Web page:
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Towneley Hall

OS Grid Ref: - SD854308

Towneley Hall is situated in over 24 acres of parkland in southwest Burnley and dates back to the thirteenth century.

The Grade I listed hall, which was the seat of the Towneley family for nearly five centuries, contains period rooms including an Elizabethan long gallery and a Victorian kitchen and a priest’s hole to the attic. The Great Hall has exceptionally fine Baroque plasterwork by Francesco Vassali and Martini Quadri, The early sixteenth century chapel contains a finely carved altarpiece made in Antwerp around 1525. The top floor of the main house holds the art galleries, with displays of oils and watercolours.

The Towneley's were an Catholic gentry family who have produced an array of interesting characters. Richard Towneley (1629 – 1707), was a renowned scientist and pioneer of meteorology who was one of the founders of the Greenwich Observatory, he was the first person to make regular measurements of rainfall in England. Richard Towneley (1689-1735) was arrested for treason in 1715, after the Battle of Preston, but was later acquitted. Two of his brothers, John and Francis joined the French army before aiding the ill fated Jacobite rebellion of 1745. Francis Towneley raised the Manchester Regiment, later being captured after the Siege of Carlisle (December 1745) and executed in 1746. John returned to France before Culloden and was made a Chevalier (Knight) of the order of Saint Louis.

Francis Towneley (1709 – 1746) was the last person in Britain to be hung drawn and quartered, his head was gruesomely displayed on Temple Bar in London before being eventually returned to his family, it was kept hidden behind a secret panel in the chapel until finally being buried in St. Peter’s church in 1947. Charles Towneley (1737 – 1805) was one of the eighteenth century’s most famous collectors of antiques, sculptures and gems. After his death the British Museum purchased his collections and today one of the galleries at the museum still bears his name.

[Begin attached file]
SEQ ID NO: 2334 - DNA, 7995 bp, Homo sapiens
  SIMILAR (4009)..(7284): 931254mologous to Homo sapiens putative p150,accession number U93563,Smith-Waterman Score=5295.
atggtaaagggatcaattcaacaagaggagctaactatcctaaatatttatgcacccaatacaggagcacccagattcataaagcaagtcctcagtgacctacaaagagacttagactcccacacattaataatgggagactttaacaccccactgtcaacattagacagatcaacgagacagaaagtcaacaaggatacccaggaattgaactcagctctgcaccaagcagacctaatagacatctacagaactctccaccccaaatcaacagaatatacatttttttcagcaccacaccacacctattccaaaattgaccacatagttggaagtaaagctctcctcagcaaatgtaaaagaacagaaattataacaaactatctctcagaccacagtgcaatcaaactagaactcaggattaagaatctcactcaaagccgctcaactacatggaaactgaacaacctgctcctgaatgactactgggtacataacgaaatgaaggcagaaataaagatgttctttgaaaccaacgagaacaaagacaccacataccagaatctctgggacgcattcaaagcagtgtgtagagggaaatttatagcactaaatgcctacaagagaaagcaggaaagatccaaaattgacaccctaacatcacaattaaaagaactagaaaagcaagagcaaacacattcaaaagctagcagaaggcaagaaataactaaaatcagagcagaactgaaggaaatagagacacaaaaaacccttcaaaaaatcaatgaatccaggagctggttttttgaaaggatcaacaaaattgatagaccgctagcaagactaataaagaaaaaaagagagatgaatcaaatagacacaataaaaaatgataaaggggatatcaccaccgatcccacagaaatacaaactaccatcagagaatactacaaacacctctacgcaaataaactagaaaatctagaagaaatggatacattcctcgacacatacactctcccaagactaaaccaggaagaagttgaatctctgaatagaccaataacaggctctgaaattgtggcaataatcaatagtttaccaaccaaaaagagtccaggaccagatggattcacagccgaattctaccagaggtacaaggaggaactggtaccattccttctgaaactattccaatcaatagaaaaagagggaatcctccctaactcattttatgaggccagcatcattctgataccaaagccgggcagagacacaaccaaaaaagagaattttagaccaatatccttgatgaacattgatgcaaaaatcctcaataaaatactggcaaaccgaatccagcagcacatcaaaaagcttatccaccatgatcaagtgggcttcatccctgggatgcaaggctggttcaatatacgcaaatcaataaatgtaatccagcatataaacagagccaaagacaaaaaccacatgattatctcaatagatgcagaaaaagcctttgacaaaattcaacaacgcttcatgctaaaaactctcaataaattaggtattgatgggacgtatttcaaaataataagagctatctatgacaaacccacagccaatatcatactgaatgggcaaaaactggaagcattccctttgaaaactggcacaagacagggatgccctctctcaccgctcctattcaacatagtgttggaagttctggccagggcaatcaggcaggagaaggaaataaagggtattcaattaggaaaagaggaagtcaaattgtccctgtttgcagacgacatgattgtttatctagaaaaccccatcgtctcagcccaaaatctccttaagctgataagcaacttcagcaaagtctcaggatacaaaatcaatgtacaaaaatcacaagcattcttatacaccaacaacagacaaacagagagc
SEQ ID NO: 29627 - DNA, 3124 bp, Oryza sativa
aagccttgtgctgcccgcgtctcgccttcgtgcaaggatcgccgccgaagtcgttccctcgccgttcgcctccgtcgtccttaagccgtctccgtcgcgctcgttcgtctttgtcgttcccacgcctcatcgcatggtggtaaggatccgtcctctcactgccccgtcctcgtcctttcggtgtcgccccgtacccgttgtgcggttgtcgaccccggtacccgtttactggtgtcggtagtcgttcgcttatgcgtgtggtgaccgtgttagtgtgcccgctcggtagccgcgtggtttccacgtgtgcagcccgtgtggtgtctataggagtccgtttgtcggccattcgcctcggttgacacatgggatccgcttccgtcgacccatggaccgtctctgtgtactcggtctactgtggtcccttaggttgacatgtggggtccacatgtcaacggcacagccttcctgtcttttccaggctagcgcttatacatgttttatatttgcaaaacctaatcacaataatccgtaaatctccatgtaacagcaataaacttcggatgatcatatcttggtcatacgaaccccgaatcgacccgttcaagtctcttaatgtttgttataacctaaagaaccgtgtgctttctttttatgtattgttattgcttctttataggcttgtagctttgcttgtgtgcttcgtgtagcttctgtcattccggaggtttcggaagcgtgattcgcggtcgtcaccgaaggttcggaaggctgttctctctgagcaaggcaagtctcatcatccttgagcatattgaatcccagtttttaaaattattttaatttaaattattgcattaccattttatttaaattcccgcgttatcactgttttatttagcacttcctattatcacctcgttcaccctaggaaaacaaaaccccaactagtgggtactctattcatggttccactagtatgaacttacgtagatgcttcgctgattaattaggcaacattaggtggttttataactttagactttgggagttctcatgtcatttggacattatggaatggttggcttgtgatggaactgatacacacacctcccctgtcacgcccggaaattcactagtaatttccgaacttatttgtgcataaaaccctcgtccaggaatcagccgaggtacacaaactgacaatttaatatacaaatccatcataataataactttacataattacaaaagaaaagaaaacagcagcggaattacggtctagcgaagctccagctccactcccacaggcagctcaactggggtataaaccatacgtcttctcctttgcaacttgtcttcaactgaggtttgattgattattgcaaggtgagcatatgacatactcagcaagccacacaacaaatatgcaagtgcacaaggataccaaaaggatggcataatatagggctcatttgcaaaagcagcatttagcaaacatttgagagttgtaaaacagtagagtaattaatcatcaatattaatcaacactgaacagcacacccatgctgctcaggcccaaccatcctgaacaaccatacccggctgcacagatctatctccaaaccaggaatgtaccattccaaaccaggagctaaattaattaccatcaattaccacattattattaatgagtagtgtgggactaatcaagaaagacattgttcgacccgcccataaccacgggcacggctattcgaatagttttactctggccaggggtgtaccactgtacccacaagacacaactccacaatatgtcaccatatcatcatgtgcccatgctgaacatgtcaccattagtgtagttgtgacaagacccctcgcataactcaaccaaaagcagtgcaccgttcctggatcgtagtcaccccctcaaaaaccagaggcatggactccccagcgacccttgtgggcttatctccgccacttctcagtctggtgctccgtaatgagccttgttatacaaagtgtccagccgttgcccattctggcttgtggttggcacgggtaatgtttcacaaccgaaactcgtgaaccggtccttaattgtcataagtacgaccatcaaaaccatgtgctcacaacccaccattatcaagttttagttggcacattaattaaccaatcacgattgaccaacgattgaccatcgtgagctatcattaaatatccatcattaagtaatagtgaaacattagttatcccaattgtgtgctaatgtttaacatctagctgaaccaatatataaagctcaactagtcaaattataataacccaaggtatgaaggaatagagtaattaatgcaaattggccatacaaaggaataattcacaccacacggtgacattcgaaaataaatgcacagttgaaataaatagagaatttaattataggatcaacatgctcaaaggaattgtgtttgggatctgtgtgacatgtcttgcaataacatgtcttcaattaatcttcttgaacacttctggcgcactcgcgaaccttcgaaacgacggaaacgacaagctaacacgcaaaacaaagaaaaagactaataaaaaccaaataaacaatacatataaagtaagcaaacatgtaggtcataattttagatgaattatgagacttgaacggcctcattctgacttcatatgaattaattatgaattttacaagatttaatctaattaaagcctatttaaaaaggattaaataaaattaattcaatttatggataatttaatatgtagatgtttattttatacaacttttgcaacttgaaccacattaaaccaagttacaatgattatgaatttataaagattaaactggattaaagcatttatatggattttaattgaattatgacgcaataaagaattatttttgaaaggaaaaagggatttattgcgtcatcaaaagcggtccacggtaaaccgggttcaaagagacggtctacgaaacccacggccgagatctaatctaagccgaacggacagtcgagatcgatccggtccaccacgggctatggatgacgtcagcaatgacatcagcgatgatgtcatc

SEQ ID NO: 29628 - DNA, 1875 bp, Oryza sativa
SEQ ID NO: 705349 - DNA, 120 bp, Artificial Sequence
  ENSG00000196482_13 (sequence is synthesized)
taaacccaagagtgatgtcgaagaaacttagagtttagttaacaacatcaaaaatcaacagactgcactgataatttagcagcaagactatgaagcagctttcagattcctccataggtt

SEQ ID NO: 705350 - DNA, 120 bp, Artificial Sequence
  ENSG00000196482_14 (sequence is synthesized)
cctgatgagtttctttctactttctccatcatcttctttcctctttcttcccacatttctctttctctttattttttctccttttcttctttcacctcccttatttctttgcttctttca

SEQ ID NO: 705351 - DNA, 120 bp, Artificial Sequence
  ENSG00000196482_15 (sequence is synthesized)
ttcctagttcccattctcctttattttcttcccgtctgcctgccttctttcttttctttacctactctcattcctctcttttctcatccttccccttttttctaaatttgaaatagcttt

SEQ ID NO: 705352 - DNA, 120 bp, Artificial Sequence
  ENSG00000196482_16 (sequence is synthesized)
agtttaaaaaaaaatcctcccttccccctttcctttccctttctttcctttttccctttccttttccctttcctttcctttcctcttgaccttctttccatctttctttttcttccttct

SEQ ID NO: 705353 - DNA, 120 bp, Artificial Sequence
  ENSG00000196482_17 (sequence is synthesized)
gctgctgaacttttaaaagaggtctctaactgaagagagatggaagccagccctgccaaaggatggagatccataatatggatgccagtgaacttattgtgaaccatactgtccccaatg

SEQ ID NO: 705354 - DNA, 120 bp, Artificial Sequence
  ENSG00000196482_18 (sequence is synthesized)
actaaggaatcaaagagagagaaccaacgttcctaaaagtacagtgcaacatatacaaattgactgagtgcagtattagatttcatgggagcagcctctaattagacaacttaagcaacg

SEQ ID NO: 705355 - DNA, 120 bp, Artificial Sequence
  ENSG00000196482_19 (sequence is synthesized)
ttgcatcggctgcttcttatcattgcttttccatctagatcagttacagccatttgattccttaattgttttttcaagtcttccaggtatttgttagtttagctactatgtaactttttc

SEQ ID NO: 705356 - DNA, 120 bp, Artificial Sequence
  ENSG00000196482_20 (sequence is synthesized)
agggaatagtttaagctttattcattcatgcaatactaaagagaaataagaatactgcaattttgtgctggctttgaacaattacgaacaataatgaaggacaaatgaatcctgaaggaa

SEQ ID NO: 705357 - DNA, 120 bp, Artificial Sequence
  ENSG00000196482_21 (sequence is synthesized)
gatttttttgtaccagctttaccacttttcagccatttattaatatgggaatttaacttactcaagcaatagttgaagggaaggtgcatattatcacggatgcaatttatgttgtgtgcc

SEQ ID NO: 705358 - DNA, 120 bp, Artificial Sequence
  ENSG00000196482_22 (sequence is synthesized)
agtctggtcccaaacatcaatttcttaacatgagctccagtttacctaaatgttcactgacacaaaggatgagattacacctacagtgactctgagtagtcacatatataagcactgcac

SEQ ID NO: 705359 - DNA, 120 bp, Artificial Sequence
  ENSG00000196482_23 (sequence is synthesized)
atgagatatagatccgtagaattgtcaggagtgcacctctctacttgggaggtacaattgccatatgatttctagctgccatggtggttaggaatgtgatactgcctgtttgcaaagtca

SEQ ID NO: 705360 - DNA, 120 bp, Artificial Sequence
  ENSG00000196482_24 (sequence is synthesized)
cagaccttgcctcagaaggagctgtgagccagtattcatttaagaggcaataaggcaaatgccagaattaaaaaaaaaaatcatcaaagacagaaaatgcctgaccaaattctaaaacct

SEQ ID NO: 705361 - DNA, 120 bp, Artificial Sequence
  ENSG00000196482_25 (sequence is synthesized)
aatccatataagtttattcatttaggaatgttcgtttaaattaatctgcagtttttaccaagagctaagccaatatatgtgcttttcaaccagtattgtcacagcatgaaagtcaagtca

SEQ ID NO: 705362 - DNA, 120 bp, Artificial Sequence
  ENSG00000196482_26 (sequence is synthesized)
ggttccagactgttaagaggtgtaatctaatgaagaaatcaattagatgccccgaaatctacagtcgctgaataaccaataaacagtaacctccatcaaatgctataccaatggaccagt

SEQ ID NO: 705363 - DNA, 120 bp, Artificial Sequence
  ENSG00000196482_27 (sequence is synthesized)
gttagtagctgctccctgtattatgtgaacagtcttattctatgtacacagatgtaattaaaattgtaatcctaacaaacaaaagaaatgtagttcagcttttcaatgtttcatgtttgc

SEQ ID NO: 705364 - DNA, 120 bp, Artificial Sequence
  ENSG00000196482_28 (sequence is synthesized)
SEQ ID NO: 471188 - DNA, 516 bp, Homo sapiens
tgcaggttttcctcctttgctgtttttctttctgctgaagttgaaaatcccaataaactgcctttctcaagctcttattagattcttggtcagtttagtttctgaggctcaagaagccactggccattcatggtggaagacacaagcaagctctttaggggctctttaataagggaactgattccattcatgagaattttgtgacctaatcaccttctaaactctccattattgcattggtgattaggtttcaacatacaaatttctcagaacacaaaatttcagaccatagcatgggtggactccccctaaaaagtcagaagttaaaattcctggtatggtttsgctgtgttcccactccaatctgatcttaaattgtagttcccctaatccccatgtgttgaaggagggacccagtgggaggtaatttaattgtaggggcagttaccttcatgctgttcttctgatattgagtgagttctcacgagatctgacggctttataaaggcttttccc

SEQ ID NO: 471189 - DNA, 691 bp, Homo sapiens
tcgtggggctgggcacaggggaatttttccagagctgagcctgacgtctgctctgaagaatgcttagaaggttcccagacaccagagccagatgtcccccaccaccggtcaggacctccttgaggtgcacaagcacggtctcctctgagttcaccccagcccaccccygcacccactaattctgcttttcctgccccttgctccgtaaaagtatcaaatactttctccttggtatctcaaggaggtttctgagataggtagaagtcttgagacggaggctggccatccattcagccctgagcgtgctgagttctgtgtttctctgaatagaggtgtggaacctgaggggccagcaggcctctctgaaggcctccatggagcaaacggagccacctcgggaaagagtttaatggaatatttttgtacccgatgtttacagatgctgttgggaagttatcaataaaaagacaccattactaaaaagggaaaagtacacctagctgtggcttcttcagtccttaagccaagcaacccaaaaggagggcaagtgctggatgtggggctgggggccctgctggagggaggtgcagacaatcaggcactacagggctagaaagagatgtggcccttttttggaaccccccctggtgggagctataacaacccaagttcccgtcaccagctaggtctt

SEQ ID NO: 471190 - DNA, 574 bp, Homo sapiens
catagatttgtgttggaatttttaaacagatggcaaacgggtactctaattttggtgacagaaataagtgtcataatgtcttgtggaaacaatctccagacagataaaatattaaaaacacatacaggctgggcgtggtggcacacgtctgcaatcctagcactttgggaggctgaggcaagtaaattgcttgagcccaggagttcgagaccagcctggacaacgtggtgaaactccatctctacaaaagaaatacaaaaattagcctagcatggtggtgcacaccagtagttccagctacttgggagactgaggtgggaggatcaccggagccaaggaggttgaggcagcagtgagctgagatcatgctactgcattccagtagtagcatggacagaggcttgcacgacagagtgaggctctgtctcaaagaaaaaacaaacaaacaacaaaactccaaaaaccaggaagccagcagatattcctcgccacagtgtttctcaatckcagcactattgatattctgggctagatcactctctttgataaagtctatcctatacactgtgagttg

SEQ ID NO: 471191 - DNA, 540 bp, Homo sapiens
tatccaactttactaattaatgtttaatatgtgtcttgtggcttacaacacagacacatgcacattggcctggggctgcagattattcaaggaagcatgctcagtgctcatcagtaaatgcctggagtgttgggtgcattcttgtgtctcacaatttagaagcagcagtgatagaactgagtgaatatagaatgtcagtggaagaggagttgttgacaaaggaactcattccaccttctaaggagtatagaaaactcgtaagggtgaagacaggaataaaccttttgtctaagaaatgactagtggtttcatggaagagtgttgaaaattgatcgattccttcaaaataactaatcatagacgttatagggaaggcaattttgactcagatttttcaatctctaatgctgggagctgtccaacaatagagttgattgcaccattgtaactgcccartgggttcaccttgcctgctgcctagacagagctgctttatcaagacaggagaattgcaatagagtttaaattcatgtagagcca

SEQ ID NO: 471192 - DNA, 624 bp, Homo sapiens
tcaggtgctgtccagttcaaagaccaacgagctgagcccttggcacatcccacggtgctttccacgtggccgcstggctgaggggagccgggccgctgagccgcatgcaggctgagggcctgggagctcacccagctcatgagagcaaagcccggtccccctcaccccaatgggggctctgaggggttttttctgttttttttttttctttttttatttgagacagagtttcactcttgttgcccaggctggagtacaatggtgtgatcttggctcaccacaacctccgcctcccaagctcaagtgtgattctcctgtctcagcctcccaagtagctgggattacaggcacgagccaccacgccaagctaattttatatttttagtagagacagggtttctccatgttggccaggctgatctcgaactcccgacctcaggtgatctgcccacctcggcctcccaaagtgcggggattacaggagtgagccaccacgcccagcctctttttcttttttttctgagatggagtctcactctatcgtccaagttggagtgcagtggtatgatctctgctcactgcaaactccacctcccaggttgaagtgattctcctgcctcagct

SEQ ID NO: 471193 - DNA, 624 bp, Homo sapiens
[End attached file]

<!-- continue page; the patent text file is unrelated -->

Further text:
The male line of the family died out in 1878 and in 1901 one of the daughters, Lady O'Hagan, sold the house together with 62 acres (250,000 m2) of land to Burnley Corporation.

The museum houses a variety of displays, encompassing natural history, Egyptology, local history, textiles, decorative art and regional furniture, together with an art gallery. The art gallery contains some superb works, including Zoffany’s portrait of ‘Charles Towneley and Friends in his Library’ and John William Waterhouse paintings, including the original 'Destiny'.

The gallery mainly focuses on romantic Victorian and pre-Raphaelite art, with some earlier paintings. It also houses collections of ceramics, glass, seventeenth century oak furniture, the Whalley Abbey Vestments, which were given to the Towneley family at the time of the dissolution of the monasteries and General Scarlett’s Sword – dating from the Charge of the Heavy Brigade during the Battle of Balaclava, this “foolhardy attack” uphill was a success but largely overlooked due to the notoriety of the Charge of the Light Brigade.

A museum of local history, originally a brew house, is situated to the rear of the Hall. The gardens are now a large and popular park, boasting an 18 hole golf course, formal gardens, a woodland walk featuring sculptures from natural materials and the Offshoots permaculture project. Food is available at the Old Stables Cafe and Restaurant. Entry to the local history museum is free.

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